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Ann Paediatr Rheum. 2012; 1(Supplement 1): 7-7

A Novel Mutation (Ser59Pro) in the TNFRSF1A Gene Associated with Adult- Onset Sporadic Traps

Alessandra Gava, Laura Obici, Laura Valzolgher, Simona Donadei, Paolo Sfriso, Eliana Greco, Paola Galozzi, Giampaolo Merlini, Leonardo Punzi.

Background: TRAPS is an autosomal dominant autoinflammatory disease, caused by mutations in the TNFRSF1A gene. To date 68 variants have been identified. Attacks are associated with fever, abdominal pain, myalgias and skin rash. Long term inflammatory response can lead to AA amyloidosis. Genetic testing confirms the diagnosis. We herein report an apparently sporadic case of TRAPS manifesting after the age of 40 years and associated with a novel mutation in exon 3 of the TNFRSF1A gene.

Methods: A 69 ys old man was evaluated for a chronic inflammatory characterized by fever, leukocytosis, refractory iron-deficiency anaemia, recurrent bronchopneumonias, palpebral ptosis, episodes of arthralgia, myalgia, cutaneous erythematosus lesions migrant and intermittent to limbs and trunk, and one episode of pericarditis. Serum IgD, IgA and SAA, along with the main acute phase protein response, were elevated. Since the clinical aspects were suggestive for an autoinflammatory syndrome, we decided to investigate mutations involved in TRAPS, MKD and cryopyrin-associated periodic syndromes (CAPS). Genomic DNA was isolated from peripheral blood lymphocytes by standard methods. Sequencing of MVK, TNFRSF1A and NLRP3 genes was performed by means of an automatic sequencer. Congo Red Dye Test was made for amyloid deposits research. The technique involves sterilizing and anesthetizing a small area of the anterior abdominal wall. Subcutaneous fat is then aspirated into a syringe. The small bits of fat obtained are crushed under a glass slide and stained with Congo red. Positive staining with the Congo red stain is indicated by apple-green birefringence utilizing a polarized microscope.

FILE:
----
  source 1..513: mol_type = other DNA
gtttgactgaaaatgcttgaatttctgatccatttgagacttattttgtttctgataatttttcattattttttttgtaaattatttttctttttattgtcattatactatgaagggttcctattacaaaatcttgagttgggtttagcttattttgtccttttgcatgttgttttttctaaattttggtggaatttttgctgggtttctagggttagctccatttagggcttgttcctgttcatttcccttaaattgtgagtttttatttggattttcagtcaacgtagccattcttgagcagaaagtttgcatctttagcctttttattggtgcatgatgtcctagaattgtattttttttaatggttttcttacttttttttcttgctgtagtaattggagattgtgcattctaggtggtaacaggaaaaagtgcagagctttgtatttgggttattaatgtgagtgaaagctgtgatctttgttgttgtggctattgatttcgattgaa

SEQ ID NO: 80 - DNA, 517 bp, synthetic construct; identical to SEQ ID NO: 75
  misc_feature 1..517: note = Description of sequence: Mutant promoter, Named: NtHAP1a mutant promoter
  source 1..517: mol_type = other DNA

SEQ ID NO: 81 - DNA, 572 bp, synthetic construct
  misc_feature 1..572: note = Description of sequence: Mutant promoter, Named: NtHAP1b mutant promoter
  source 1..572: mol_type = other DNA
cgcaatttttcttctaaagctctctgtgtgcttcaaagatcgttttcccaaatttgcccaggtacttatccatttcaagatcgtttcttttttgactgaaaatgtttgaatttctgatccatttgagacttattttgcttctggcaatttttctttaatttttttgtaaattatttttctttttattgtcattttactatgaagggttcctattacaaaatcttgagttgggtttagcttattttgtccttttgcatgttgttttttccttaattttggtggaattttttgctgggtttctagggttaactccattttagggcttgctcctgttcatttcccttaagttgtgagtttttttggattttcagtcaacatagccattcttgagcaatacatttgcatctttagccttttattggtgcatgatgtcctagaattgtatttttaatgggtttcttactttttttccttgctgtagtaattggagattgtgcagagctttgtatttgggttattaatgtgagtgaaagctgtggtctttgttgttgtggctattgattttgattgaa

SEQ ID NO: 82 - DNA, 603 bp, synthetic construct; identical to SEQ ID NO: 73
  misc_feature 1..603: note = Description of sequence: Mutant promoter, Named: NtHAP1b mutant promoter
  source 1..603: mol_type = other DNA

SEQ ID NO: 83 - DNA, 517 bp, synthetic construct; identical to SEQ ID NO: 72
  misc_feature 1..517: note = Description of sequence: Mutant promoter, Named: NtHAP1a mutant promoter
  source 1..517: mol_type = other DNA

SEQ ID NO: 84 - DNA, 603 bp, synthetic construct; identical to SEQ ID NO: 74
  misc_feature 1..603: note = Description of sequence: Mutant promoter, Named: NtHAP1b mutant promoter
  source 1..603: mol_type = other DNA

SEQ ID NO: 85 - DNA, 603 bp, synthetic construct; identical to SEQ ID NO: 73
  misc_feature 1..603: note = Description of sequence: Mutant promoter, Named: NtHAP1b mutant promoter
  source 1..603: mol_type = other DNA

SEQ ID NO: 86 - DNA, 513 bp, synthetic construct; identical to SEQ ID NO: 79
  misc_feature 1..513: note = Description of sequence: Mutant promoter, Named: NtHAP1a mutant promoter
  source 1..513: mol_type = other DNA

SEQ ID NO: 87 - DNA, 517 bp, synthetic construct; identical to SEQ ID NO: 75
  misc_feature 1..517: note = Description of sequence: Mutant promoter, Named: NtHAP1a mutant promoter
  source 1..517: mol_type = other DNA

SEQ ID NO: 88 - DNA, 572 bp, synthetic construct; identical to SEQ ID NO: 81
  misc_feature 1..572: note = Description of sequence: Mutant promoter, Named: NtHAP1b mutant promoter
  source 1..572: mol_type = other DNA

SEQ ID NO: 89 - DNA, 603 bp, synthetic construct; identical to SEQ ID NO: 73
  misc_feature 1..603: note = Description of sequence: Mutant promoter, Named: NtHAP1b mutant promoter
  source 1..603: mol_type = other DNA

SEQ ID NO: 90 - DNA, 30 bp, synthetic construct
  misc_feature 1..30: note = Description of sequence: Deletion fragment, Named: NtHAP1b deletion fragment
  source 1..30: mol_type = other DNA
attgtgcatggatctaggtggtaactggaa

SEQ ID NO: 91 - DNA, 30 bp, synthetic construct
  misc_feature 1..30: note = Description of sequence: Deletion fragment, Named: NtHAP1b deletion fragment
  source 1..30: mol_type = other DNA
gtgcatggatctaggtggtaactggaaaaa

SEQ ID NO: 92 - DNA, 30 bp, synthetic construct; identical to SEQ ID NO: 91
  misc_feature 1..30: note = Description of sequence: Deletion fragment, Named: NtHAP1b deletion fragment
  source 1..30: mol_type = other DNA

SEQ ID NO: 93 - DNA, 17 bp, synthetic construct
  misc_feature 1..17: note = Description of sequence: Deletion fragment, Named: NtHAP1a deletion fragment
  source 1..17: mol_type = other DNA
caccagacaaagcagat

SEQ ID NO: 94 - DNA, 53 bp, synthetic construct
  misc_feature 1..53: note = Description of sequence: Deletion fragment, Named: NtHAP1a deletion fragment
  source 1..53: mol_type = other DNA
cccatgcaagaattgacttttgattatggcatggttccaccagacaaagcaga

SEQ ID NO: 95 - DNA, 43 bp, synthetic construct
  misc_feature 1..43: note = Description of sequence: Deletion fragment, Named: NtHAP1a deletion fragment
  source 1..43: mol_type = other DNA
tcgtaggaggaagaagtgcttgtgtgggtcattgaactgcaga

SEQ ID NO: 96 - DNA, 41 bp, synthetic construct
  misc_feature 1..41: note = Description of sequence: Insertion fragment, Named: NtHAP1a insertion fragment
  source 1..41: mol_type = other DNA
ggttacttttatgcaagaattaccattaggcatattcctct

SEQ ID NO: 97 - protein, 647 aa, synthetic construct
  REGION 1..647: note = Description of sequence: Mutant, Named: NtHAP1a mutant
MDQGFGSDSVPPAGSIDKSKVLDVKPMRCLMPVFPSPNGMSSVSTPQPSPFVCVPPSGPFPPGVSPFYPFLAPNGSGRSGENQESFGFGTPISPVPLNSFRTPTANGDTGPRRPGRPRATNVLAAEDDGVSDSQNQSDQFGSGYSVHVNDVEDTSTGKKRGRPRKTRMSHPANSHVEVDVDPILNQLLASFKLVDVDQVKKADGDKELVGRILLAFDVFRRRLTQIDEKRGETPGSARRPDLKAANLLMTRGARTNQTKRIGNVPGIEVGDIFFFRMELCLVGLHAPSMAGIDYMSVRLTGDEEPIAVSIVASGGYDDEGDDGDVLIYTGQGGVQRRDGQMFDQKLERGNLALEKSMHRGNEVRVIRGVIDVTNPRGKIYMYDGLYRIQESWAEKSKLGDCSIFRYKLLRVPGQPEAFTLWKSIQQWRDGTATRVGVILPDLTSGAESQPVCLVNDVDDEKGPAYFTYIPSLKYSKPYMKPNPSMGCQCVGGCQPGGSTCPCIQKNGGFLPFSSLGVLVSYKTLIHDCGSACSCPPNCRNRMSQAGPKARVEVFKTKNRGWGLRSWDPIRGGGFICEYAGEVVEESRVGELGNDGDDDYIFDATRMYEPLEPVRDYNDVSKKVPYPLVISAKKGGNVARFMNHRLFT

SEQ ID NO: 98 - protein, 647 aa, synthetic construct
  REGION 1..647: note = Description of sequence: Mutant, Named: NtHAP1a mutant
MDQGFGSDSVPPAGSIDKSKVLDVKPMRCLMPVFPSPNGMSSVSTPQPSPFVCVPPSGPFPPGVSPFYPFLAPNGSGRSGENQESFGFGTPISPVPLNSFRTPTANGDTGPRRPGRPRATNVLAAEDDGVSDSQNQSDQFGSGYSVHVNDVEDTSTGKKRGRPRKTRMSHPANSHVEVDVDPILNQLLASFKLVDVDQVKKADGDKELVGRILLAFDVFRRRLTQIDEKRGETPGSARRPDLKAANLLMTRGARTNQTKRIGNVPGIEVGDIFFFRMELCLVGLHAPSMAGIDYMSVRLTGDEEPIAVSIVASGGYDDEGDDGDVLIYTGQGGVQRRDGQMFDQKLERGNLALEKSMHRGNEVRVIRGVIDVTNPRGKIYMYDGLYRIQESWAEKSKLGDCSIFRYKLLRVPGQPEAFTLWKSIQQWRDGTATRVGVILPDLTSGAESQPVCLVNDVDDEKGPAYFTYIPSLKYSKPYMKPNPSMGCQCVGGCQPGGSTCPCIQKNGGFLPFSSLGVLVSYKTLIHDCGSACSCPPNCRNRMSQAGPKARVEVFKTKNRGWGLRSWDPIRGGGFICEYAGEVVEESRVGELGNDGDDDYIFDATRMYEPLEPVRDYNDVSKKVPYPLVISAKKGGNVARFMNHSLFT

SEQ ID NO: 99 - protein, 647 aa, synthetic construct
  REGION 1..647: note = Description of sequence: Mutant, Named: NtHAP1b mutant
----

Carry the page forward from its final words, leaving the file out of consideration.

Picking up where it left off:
Results: Genetic testing was negative for MVK and NLRP3 mutations. Sequencing of the TNFRSF1A gene showed the presence of an heterozygous single-base mutation (c.262T>C) in exon 3, resulting in a Pro for Ser amino acid substitution at residue 59 of the mature protein (S59P), which has not been reported before in any TRAPS patient. Moreover, this mutation was not identified in 200 control chromosomes. Subcutaneous fat aspirate was negative for amyloid deposits.

Conclusion: The new S59P variant is located in a region of the receptor that is crucial for its function and is predicted to result in a protein conformational change: we are developing functional tests in order to assess this aspect. Overall, this mutation is likely to be responsible for our patient’s disease. More studies should be made in order to investigate also the concentration of the soluble receptor of TNF. At present, the disease is controlled with steroids.

Key words: A Novel Mutation (Ser59Pro) in the TNFRSF1A Gene Associated with Adult- Onset Sporadic Traps

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